Wednesday, August 27, 2008

Delightful, An Overusage.

This delightful book, pointed out by and enthusiastically endorsed by this delightful blogger has been made into a delightful movie by Jiri Menzel, a delightful Czech who had earlier adapted another of Bohumil Hrabal's novels, Closely Watched Trains, into a 1967 Academy Award winning movie.

A New Yorker review, delightful, but of course, by David Denby is here.

This is so...delightful. Can't wait when the movie hits Philly.

8/29 Addendum: Today's NYT's review.

A little (No, make that a huge) aside:
Whenever a cousin and I would get into conversation regarding the most beautiful place in the world to go for vacation, the topic of tourists would come up. I would tend to take in the information he passed on to me with a touch of disbelief, in part due to the, as he puts it, the "Americanization" of myself. If I protested even a bit about the broad generalizations that he would make as regards certain European nationalities, he'd shake his head and say, "Pa pogledaj se; bas si postao Amerikanac!" ("Why look at yourself; you really are an American!"). His inflection at the end of the sentence left no doubt that I'd fallen a few rungs in his estimation of me as a cognitive being. Granted, when I think back on my early days, living with generalizations was a much less complicated life. Individualization, as far as foreigners was concerned, was a lot of work and, at that feeble-minded state I was in, usually not worth the time. It seemed as if the generalization were, in general, fairly true. Living in the States, I admit, has deburred the sharp edges of my opinions. The broadening of my views has also made them more elusive. A polite-speak gaseous salve has been applied to the short, sharp, definitive quips. It's not as if my cousin, or my family over in Croatia, were unique in their firm and frothing opinions of other peoples. That view was shared by quite a few of folks over in the continent. ACLU would experience total and utter exhaustion dealing with the insulting views that different groups publicly exhibited. While I admitted to my cousin that perhaps living over here has worn down (I preferred the gentler, more uplifting "smoothed over") my opinions regarding nationalities, I argued that he, perhaps, should tone down his rhetoric especially if he's within earshot of the foreign tourists that he is potentially insulting. He especially had it in for the Czechs, as he continually harped on their cheapness, specifically exhibited when they came to the Croatian seaside in their of flotilla of Škodas. Well, now it seems that the government of Croatia has taken these skinflint comments to heart and will be enforcing rules specifically aimed at the Czechs.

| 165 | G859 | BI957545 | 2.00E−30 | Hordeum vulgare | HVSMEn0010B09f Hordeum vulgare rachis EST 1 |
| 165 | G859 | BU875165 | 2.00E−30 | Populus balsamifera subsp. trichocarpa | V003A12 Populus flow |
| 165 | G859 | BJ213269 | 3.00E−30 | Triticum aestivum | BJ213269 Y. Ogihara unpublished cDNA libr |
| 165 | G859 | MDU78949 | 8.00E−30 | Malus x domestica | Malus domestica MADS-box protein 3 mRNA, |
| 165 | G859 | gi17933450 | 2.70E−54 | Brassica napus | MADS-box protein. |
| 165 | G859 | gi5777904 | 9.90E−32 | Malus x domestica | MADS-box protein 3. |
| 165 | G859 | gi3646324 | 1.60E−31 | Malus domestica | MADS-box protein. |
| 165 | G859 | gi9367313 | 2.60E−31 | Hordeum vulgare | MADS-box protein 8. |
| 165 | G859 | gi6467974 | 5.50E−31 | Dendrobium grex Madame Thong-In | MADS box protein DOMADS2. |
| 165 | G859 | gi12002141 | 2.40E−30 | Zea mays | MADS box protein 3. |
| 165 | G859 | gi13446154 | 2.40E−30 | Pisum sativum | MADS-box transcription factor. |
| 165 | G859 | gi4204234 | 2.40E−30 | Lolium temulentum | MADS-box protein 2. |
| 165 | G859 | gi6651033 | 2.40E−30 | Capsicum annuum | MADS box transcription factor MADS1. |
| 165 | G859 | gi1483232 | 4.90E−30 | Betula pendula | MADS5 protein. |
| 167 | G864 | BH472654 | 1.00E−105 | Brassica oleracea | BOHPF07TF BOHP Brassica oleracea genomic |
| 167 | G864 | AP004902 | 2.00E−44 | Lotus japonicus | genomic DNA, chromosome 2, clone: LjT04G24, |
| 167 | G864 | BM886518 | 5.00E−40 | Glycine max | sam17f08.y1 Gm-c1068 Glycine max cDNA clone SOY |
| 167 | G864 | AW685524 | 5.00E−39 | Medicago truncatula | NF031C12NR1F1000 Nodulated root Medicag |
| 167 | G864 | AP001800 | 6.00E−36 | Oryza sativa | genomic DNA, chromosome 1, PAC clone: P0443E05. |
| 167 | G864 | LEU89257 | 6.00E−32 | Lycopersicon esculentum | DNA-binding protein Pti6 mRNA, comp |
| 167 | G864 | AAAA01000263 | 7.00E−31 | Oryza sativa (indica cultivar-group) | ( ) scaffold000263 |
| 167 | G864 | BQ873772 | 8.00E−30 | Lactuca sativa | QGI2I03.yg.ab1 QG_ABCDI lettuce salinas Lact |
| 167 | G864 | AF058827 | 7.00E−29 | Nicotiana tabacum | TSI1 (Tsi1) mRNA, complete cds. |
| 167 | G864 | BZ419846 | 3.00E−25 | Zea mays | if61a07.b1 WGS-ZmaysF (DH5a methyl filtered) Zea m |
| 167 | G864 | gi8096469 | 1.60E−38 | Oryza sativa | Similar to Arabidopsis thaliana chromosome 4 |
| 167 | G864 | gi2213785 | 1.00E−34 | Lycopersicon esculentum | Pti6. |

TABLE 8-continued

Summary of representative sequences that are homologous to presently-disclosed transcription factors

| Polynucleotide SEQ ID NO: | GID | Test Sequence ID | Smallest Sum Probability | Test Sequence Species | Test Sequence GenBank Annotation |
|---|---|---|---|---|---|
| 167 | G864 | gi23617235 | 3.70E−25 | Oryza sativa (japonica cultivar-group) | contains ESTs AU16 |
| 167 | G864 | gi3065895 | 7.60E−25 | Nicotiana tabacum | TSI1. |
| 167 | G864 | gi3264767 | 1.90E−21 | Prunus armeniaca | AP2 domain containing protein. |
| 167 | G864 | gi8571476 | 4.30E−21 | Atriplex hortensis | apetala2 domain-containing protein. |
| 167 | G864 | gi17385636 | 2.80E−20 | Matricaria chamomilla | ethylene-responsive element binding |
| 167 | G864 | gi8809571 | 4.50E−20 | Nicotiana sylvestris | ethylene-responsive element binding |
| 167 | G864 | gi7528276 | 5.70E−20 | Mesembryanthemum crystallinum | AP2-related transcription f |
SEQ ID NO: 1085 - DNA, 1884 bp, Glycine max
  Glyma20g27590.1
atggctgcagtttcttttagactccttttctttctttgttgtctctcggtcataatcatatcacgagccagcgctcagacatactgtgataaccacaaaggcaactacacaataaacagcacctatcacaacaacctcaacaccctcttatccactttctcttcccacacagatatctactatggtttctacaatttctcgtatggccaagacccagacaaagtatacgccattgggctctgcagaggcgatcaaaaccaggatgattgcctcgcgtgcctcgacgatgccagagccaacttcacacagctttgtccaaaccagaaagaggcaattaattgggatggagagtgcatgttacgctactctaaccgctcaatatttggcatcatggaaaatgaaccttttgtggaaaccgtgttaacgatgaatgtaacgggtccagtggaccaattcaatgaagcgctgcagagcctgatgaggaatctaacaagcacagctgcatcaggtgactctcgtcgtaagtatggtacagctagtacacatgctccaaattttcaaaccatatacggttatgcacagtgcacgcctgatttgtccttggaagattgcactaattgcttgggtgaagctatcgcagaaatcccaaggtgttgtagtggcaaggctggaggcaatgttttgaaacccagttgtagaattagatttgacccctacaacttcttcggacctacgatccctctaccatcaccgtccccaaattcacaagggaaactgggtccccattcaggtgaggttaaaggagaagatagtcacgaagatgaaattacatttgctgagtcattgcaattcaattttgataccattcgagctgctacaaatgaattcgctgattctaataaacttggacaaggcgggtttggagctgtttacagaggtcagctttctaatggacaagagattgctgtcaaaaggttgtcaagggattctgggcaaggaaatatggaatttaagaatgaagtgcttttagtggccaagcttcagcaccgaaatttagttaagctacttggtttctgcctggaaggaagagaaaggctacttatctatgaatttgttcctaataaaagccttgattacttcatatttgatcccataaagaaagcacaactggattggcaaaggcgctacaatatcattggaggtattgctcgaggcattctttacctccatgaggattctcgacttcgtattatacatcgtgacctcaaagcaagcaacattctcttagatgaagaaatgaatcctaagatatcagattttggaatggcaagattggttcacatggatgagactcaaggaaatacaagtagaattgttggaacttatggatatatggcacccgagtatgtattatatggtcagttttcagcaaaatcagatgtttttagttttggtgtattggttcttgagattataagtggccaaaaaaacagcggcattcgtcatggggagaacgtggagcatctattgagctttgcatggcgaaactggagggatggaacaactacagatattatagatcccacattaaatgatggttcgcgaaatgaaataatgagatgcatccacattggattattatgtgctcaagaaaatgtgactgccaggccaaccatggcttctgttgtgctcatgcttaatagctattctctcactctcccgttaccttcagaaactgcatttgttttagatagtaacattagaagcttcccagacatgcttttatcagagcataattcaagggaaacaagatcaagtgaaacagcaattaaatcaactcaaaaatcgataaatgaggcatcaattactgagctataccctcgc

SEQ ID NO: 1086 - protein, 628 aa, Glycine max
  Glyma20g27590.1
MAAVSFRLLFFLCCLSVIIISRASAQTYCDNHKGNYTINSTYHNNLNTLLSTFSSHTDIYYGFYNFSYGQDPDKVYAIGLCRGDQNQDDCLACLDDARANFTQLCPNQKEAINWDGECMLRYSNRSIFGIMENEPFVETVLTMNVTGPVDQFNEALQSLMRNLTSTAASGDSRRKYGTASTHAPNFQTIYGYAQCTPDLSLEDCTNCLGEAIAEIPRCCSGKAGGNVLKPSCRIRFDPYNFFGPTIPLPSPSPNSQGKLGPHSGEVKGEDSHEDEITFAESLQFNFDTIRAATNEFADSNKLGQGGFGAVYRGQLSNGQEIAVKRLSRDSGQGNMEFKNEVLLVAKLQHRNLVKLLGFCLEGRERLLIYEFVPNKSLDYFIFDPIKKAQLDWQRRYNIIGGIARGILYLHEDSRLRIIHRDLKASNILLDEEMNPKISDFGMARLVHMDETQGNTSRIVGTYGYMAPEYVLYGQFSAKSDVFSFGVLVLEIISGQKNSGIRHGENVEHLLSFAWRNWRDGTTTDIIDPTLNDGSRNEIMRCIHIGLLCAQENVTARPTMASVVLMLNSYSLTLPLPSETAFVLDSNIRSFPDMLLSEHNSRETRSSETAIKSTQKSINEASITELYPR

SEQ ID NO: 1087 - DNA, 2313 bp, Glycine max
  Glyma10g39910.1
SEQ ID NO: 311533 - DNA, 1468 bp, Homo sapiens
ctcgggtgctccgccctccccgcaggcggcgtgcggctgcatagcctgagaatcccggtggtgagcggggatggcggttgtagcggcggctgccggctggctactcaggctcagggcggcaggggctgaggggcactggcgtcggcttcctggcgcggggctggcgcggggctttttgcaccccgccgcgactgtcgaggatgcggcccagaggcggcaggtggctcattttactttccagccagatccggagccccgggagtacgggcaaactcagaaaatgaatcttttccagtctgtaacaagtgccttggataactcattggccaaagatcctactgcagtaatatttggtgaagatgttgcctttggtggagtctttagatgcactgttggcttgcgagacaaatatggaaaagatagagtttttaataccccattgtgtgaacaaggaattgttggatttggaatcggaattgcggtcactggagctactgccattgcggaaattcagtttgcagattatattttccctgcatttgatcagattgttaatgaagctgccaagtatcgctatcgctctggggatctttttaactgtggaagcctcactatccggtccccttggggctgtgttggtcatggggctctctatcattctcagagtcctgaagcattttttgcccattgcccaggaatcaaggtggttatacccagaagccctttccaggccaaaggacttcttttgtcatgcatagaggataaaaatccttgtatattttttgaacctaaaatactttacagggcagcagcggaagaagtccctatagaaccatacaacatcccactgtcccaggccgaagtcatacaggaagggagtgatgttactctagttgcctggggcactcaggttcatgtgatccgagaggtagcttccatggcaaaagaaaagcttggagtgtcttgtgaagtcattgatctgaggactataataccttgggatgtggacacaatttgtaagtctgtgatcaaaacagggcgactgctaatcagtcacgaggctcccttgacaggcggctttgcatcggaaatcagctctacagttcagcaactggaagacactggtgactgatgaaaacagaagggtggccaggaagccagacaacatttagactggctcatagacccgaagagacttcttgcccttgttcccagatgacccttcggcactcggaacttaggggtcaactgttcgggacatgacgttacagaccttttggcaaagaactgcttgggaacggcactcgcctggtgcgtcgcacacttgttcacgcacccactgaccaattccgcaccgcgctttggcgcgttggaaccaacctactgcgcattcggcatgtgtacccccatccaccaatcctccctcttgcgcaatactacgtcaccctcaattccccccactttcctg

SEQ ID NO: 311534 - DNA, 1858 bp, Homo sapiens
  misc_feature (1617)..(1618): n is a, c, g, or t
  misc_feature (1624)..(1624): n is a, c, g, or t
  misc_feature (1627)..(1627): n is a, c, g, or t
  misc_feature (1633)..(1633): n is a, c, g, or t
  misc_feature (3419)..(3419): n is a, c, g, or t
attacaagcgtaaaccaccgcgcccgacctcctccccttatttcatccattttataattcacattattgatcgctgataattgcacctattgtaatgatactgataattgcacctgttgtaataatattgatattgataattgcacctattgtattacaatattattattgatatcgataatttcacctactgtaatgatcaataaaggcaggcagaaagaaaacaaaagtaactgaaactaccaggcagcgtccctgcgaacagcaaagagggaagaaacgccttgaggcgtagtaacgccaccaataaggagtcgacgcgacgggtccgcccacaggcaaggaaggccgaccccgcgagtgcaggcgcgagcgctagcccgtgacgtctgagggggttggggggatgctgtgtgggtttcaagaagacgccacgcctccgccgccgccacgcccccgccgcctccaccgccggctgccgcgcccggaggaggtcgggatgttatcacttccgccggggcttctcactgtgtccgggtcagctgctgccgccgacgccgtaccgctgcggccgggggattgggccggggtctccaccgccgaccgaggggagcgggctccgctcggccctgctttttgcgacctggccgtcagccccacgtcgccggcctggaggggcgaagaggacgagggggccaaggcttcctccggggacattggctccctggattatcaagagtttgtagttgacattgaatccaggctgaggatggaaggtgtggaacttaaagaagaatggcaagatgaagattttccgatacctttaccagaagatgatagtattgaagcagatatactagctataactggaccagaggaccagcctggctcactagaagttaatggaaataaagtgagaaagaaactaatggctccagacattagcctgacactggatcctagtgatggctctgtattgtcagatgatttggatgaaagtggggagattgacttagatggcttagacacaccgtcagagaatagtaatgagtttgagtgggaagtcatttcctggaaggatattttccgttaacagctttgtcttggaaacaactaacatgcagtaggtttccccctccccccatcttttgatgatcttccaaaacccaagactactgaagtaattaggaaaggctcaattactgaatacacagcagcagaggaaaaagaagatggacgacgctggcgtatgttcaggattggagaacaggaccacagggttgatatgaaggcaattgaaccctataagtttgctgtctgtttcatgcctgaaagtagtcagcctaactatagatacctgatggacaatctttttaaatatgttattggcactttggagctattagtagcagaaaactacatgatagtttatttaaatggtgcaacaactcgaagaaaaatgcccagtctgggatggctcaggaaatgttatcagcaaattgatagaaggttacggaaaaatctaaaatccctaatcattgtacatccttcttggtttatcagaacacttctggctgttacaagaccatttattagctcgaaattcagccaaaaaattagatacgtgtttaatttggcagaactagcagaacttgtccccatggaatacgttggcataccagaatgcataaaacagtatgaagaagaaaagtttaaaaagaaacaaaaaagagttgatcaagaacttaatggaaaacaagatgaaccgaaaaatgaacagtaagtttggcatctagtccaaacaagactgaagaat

Personally, I empathize with the Czechs. I understand their situation as "it’s also a problem of taste. Because Czechs like the taste of Czech sausages, Czech yoghurt and so on - a lot of them prefer their lovely taste. And of course they want also to save money." While the salamis available in the States are large in number, there really is not, IMHO, any salami like Gavrilovic. So, while I will remain neutral on the alleged thriftiness of the Czechs, I will definitely be in their corner as far as their right to bear arms, I mean salami, of their own choice.

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Funny, but after reading the Publisher's Weekly summary it seems there is someone who wasn't quite as delighted with the book as I was. I think this person just didn't "get it" -- but I'll let the pre-New Yorker James Wood speak on my behalf.
Great review, WP.
Have you read any of his other novels? "Too Loud a Solitude" sounds tempting.
I have not, but "Solitude" would be my first pick from the bunch.
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